Octophonics

Stockhausen? Cage?? No, the first(?) composer to employ eight separate sound sources (octophonics) did it  somewhere around 1570! In his 40 part motet Spem in alium Thomas Tallis divides the voices into eight choirs of five singers each (soprano, alto, tenor, baritone and bass); his writing – the passing of material from chorus to chorus –would […]

A veritable jeremiad

Ierusalem, Ierusalem convertere ad Dominum Deum tuum. [Jerusalem, Jerusalem, return unto the Lord thy God.] The Clerks of New College, Oxford; Edward Higginbottom, Tallis: Lamentations For some yet-to-be-fathomed reason there was a spate of settings of the Lamentations of Jeremiah during the Tudor era; though, with state religion toggling back and forth between Catholicism and […]

Critical mass

Byrd: Mass for 3 voices Pro Arte Singers. Paul Hillier The opening of the Byrd 3-part mass. The composer produced three settings of the liturgical text: in four parts (published 1592-93); three parts (1593-94) and five parts (1594-95). Since Catholicism was proscribed under Elizabeth I, they seem to have been intended for single voice performance […]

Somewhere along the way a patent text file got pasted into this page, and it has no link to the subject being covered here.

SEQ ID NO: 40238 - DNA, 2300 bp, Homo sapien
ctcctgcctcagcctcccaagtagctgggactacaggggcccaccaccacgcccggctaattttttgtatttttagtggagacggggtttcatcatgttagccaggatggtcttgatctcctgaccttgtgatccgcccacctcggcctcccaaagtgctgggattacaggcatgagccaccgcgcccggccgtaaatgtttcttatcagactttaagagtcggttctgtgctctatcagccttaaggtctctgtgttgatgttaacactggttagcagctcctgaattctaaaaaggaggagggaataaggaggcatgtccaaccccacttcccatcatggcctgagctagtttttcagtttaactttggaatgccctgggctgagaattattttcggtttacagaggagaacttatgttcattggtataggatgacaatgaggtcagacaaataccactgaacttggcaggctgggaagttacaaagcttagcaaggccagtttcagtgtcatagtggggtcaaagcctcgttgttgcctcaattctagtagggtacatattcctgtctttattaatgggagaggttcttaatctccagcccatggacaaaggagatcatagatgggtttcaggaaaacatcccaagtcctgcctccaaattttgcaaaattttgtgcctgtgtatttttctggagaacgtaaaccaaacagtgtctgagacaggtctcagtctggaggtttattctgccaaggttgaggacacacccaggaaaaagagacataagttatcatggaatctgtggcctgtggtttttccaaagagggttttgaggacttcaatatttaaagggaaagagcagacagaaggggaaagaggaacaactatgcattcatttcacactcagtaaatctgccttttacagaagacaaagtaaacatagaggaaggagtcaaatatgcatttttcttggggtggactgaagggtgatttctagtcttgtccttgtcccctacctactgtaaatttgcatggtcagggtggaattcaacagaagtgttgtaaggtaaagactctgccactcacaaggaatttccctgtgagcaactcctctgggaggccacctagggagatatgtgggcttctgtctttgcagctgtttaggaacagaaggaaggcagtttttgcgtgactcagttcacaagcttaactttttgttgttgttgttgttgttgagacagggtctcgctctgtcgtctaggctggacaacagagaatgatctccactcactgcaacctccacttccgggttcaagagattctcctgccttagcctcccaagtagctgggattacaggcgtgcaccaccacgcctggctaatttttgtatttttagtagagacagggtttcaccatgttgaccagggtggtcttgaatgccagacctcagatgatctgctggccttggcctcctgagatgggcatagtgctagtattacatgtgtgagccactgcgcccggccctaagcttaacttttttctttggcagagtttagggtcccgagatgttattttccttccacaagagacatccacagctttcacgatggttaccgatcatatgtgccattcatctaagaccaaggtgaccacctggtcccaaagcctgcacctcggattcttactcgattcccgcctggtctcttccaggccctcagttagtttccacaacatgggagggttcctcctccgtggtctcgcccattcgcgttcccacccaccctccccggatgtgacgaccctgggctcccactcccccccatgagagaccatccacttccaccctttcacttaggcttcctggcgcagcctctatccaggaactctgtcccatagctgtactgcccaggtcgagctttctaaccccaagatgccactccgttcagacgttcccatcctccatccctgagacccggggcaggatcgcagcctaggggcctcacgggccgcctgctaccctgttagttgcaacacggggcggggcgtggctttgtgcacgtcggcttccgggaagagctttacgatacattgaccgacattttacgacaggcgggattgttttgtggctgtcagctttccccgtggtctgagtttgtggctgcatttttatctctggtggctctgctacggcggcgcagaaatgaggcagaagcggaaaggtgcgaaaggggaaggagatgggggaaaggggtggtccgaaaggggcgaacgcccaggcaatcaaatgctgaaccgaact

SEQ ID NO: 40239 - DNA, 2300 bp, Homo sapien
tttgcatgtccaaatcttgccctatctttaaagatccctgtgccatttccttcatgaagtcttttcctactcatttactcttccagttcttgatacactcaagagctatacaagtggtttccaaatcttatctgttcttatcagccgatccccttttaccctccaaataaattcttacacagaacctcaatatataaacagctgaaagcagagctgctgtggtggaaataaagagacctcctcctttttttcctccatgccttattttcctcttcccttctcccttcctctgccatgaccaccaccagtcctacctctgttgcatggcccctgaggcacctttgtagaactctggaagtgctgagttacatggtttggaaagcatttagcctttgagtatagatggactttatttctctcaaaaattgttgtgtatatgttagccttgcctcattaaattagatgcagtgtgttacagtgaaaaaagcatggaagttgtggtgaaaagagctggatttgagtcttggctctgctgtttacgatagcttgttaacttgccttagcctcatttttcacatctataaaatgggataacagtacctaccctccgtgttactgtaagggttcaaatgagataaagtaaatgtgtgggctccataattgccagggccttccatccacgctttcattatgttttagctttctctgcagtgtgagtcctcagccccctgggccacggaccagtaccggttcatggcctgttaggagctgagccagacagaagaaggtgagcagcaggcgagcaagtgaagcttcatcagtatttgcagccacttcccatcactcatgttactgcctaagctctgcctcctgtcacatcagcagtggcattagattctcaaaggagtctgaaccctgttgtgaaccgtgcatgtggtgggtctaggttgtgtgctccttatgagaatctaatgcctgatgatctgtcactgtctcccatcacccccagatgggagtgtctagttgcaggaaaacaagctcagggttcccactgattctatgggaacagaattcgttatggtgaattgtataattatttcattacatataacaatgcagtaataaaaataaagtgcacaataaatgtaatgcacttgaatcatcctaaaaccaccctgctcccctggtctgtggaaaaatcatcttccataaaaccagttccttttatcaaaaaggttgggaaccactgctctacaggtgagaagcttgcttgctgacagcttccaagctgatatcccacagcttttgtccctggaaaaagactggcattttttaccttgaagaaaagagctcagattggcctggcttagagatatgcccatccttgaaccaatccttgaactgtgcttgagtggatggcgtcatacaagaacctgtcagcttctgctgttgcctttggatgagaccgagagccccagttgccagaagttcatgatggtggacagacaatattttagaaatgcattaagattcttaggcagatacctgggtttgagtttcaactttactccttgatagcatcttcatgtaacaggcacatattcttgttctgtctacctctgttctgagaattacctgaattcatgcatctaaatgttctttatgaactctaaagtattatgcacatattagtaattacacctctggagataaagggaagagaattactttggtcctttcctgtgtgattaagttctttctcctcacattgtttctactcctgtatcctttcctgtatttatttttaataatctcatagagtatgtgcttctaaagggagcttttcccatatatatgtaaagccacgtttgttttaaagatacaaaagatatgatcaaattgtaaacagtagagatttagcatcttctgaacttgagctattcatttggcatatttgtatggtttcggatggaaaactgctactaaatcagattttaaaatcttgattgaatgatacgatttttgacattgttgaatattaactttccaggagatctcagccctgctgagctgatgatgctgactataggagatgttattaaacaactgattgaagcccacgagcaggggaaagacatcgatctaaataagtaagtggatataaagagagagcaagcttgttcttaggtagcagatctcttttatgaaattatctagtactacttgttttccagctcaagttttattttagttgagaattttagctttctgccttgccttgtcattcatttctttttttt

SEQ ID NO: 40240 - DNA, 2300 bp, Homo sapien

Finale?

Having made the journey from the (relatively) straightforward major triad to the tonal saturation of the twelve-note chord. From w to w perhaps we can summon up enough courage to wonder about the future of ‘art’ music. The jeremiads about ever decreasing audiences and the consequent financial problems of the music industry notwithstanding, there are […]